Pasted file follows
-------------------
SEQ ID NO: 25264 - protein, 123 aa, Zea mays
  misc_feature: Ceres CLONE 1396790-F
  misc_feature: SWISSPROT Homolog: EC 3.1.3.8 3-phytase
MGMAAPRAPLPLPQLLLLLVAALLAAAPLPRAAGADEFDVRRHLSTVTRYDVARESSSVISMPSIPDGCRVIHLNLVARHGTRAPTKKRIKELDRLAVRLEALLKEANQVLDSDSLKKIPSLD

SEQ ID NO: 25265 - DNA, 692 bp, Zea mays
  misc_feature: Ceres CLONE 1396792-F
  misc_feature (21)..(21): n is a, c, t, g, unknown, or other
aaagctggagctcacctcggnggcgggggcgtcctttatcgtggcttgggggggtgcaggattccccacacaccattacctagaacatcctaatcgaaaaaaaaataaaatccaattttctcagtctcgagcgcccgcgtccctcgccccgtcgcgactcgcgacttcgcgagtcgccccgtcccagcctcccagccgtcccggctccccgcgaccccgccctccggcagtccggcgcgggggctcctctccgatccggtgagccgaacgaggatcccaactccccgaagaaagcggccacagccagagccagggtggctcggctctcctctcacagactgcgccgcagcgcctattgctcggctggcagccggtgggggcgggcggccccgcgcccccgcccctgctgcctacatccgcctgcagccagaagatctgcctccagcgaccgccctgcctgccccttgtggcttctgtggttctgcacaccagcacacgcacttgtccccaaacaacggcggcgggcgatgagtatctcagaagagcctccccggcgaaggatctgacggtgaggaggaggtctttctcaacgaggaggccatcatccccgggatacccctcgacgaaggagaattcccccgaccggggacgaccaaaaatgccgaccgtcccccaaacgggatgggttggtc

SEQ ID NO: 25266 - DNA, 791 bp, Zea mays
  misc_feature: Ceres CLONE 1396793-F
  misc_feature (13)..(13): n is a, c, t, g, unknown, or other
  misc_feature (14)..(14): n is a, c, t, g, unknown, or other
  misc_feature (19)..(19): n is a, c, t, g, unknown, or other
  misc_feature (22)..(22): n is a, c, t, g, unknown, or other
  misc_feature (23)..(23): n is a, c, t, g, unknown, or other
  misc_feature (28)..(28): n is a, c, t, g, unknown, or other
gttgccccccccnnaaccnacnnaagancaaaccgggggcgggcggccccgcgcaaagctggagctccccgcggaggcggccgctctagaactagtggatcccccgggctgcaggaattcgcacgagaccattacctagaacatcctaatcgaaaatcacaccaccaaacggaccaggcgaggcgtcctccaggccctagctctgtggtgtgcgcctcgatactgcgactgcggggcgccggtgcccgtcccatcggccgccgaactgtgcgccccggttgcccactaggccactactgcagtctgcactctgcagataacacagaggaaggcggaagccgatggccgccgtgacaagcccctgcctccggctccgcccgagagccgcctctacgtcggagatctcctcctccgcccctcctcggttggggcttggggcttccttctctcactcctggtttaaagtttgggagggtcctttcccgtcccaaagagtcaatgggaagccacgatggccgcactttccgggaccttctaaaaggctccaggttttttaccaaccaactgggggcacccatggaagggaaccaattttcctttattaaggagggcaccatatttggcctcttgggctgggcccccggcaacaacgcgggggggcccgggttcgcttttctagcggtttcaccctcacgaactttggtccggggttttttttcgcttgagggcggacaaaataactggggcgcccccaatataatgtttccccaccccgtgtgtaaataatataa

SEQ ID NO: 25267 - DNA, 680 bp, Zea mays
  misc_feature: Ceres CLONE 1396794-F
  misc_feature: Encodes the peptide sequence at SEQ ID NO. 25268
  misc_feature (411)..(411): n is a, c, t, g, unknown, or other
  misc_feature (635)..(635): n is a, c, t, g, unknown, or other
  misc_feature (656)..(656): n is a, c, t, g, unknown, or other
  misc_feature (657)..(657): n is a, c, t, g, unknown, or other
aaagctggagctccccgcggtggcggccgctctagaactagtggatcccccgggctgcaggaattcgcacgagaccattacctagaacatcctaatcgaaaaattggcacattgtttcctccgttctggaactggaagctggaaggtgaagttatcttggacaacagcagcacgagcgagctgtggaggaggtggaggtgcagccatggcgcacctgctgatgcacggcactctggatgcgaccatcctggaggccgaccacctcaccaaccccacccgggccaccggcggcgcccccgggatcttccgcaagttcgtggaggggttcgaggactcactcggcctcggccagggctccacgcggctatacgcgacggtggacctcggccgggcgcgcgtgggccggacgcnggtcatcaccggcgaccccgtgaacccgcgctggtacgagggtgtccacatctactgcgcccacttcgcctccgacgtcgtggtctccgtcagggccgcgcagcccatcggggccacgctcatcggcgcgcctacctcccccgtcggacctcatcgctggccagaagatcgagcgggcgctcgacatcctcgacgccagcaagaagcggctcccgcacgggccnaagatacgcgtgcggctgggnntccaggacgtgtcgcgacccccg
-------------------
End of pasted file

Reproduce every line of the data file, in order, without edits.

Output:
SEQ ID NO: 25264 - protein, 123 aa, Zea mays
  misc_feature: Ceres CLONE 1396790-F
  misc_feature: SWISSPROT Homolog: EC 3.1.3.8 3-phytase
MGMAAPRAPLPLPQLLLLLVAALLAAAPLPRAAGADEFDVRRHLSTVTRYDVARESSSVISMPSIPDGCRVIHLNLVARHGTRAPTKKRIKELDRLAVRLEALLKEANQVLDSDSLKKIPSLD

SEQ ID NO: 25265 - DNA, 692 bp, Zea mays
  misc_feature: Ceres CLONE 1396792-F
  misc_feature (21)..(21): n is a, c, t, g, unknown, or other
aaagctggagctcacctcggnggcgggggcgtcctttatcgtggcttgggggggtgcaggattccccacacaccattacctagaacatcctaatcgaaaaaaaaataaaatccaattttctcagtctcgagcgcccgcgtccctcgccccgtcgcgactcgcgacttcgcgagtcgccccgtcccagcctcccagccgtcccggctccccgcgaccccgccctccggcagtccggcgcgggggctcctctccgatccggtgagccgaacgaggatcccaactccccgaagaaagcggccacagccagagccagggtggctcggctctcctctcacagactgcgccgcagcgcctattgctcggctggcagccggtgggggcgggcggccccgcgcccccgcccctgctgcctacatccgcctgcagccagaagatctgcctccagcgaccgccctgcctgccccttgtggcttctgtggttctgcacaccagcacacgcacttgtccccaaacaacggcggcgggcgatgagtatctcagaagagcctccccggcgaaggatctgacggtgaggaggaggtctttctcaacgaggaggccatcatccccgggatacccctcgacgaaggagaattcccccgaccggggacgaccaaaaatgccgaccgtcccccaaacgggatgggttggtc

SEQ ID NO: 25266 - DNA, 791 bp, Zea mays
  misc_feature: Ceres CLONE 1396793-F
  misc_feature (13)..(13): n is a, c, t, g, unknown, or other
  misc_feature (14)..(14): n is a, c, t, g, unknown, or other
  misc_feature (19)..(19): n is a, c, t, g, unknown, or other
  misc_feature (22)..(22): n is a, c, t, g, unknown, or other
  misc_feature (23)..(23): n is a, c, t, g, unknown, or other
  misc_feature (28)..(28): n is a, c, t, g, unknown, or other
gttgccccccccnnaaccnacnnaagancaaaccgggggcgggcggccccgcgcaaagctggagctccccgcggaggcggccgctctagaactagtggatcccccgggctgcaggaattcgcacgagaccattacctagaacatcctaatcgaaaatcacaccaccaaacggaccaggcgaggcgtcctccaggccctagctctgtggtgtgcgcctcgatactgcgactgcggggcgccggtgcccgtcccatcggccgccgaactgtgcgccccggttgcccactaggccactactgcagtctgcactctgcagataacacagaggaaggcggaagccgatggccgccgtgacaagcccctgcctccggctccgcccgagagccgcctctacgtcggagatctcctcctccgcccctcctcggttggggcttggggcttccttctctcactcctggtttaaagtttgggagggtcctttcccgtcccaaagagtcaatgggaagccacgatggccgcactttccgggaccttctaaaaggctccaggttttttaccaaccaactgggggcacccatggaagggaaccaattttcctttattaaggagggcaccatatttggcctcttgggctgggcccccggcaacaacgcgggggggcccgggttcgcttttctagcggtttcaccctcacgaactttggtccggggttttttttcgcttgagggcggacaaaataactggggcgcccccaatataatgtttccccaccccgtgtgtaaataatataa

SEQ ID NO: 25267 - DNA, 680 bp, Zea mays
  misc_feature: Ceres CLONE 1396794-F
  misc_feature: Encodes the peptide sequence at SEQ ID NO. 25268
  misc_feature (411)..(411): n is a, c, t, g, unknown, or other
  misc_feature (635)..(635): n is a, c, t, g, unknown, or other
  misc_feature (656)..(656): n is a, c, t, g, unknown, or other
  misc_feature (657)..(657): n is a, c, t, g, unknown, or other
aaagctggagctccccgcggtggcggccgctctagaactagtggatcccccgggctgcaggaattcgcacgagaccattacctagaacatcctaatcgaaaaattggcacattgtttcctccgttctggaactggaagctggaaggtgaagttatcttggacaacagcagcacgagcgagctgtggaggaggtggaggtgcagccatggcgcacctgctgatgcacggcactctggatgcgaccatcctggaggccgaccacctcaccaaccccacccgggccaccggcggcgcccccgggatcttccgcaagttcgtggaggggttcgaggactcactcggcctcggccagggctccacgcggctatacgcgacggtggacctcggccgggcgcgcgtgggccggacgcnggtcatcaccggcgaccccgtgaacccgcgctggtacgagggtgtccacatctactgcgcccacttcgcctccgacgtcgtggtctccgtcagggccgcgcagcccatcggggccacgctcatcggcgcgcctacctcccccgtcggacctcatcgctggccagaagatcgagcgggcgctcgacatcctcgacgccagcaagaagcggctcccgcacgggccnaagatacgcgtgcggctgggnntccaggacgtgtcgcgacccccg